Rough Cut

French election: Macron defeats Le Pen to become president and world's new heart-throb

We need a fresh young politician with a steady stream of stories.

 |  Rough Cut  |  3-minute read |   08-05-2017
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Move over Justin Trudeau. The world has a new heartthrob, even though he is named after a sweet. So while the rest of the world was agonising over the wave of right wingers sweeping the world, the French did what the British normally do. Kept a stiff upper lip and voted Left.

At 39, Emmanuel Macron ticks all the boxes for a new world. He’s the head of a political start-up, En Marche!, that’s just about a year old. He’s the perfect politician for these end-of-ideology times, declaring he is neither Left nor Right, but just a believer in collective solidarity.

He’s married to a woman old enough to be his mother, so he’s the ultimate feminist. And he’s a numbers man who has the soul of a philosopher.

What’s more, after the bling bling Nicolas Sarkozy and the tres dull Francois Holland, he seems determined to not embarrass the French by being their president. No Carla Bruni towering over Nicolas, no scooter dates with his mistress, Élysée Palace may finally be restored its presidential-ness with Brigitte Trogneux, a former school teacher as First Lady.

macbd_050817093112.jpgEmmanuel Macron with wife Brigitte Trogneux.

Macron has seen much of the working of the French government – first as a civil servant, then as an investment banker, and then as minister. He’d already got formidable support from world leaders even before being elected — from Angela Merkel to Barack Obama.

As for US President Donald Trump, last heard Kellyanne Conway was explaining to him where France was, and he was deciding whether he’ll greet Macron by shaking his hand like he did with Trudeau, or just ignoring him as he did with Merkel. As for our own prime minister, he is busy practising his French, especially how to say beta.

Macron will be tested, several times, not in the least because of the way he defines secularism in these times of anti-Islamic hysteria: "I simply believe that when one enters the public realm, the laws of the Republic must prevail over religious law," he'd said in an interview.

He will have to deal with a European Union without Great Britain. He wears his European heart on his sleeve and has said: "I am neither pro-European, Eurosceptic nor a federalist in the classical sense", and has described En Marche! as "the only pro-European political force in France’’.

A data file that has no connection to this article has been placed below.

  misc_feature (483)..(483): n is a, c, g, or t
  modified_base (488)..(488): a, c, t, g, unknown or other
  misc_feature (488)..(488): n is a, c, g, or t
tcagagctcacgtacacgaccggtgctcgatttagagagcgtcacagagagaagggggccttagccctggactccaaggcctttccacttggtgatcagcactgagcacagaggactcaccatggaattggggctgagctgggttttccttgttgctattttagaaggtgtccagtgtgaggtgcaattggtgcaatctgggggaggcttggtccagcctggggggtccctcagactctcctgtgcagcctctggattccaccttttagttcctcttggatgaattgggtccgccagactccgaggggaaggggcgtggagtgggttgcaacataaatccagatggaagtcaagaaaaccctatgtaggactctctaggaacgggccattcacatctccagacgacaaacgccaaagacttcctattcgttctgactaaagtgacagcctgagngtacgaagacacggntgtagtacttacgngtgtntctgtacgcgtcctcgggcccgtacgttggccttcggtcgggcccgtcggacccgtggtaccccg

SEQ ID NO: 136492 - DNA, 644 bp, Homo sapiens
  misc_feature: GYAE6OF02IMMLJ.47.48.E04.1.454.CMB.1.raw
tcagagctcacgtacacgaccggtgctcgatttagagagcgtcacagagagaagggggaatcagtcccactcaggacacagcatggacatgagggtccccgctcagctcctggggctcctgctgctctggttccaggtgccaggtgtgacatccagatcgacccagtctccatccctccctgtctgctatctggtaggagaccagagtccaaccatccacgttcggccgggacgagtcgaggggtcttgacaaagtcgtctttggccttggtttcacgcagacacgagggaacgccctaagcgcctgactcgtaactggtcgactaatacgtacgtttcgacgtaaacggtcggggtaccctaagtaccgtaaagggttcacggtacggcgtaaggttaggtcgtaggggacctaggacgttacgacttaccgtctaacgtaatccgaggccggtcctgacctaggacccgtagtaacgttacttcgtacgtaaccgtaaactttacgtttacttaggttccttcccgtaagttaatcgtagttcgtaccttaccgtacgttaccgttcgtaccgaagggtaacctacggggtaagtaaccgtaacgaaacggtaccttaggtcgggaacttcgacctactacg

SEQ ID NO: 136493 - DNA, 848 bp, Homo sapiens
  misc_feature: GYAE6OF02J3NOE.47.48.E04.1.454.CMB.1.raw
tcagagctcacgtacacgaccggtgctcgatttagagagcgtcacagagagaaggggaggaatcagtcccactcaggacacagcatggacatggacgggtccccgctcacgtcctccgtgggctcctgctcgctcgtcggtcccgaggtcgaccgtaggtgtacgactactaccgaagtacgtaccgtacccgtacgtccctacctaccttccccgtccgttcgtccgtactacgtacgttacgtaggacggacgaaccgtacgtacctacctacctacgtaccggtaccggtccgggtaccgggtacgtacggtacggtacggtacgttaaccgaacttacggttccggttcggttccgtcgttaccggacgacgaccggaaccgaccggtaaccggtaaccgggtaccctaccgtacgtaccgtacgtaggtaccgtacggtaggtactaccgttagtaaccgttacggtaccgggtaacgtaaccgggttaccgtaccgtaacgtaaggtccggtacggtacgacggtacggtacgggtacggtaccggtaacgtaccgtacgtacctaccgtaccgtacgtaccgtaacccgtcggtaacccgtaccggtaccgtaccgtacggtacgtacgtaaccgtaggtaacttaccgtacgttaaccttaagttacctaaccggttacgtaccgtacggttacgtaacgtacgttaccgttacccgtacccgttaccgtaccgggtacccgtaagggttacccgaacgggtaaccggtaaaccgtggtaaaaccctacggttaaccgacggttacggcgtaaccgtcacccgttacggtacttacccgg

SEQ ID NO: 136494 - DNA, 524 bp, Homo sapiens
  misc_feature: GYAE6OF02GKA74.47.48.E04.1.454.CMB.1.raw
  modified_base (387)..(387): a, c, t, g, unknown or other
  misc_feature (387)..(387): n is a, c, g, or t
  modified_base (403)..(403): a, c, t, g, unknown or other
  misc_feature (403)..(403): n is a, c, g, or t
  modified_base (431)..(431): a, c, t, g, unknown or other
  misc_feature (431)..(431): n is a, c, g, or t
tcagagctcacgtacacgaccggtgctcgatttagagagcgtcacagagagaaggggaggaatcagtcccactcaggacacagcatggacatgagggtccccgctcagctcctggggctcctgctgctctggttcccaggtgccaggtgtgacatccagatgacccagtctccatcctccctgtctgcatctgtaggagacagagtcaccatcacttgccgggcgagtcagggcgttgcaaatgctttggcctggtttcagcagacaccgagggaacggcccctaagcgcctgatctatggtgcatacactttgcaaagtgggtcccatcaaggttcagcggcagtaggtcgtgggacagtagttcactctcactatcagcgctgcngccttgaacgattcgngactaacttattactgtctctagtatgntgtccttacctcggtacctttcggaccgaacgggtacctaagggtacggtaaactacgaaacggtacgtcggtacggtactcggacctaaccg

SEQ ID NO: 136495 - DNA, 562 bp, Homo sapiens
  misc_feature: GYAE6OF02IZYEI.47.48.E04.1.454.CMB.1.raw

What’s more, he is sure to be a delight for tabloids and glossy magazines the world over — even if French privacy laws prevent too much local reporting.

Now that Barack Obama has become just another rich ex-president hanging out with an international party crowd led by Richard Branson, and Hillary Clinton has vowed to join the resistance against Trump (too much watching of The Handmaid’s Tale has done this to her), we need a fresh young politician with a steady stream of stories.

Stories about the missus, older than him by 24 years, her attractive daughters. She’s his closest adviser, grandmother to seven, loves fashion (obviously, she’s French) and loves French authors. Stories about Putin trying to destabilise him because of the hack. Stories about him.

Stories about his tweets — follow him at @emmanuelmacron and read his views. And stories perhaps of other young men lusting after their much older teachers, hoping they can grow up to be president one day.

The world won’t be short of excitement for sure, this is, after all, a man whose party name ends with an exclamation mark.

Vive le France. Why not? Pourquoi pas?

Also read: Why France's Macron over Le Pen tilt for President is good for India


Kaveree Bamzai Kaveree Bamzai @kavereeb

Consulting editor, India Today Group

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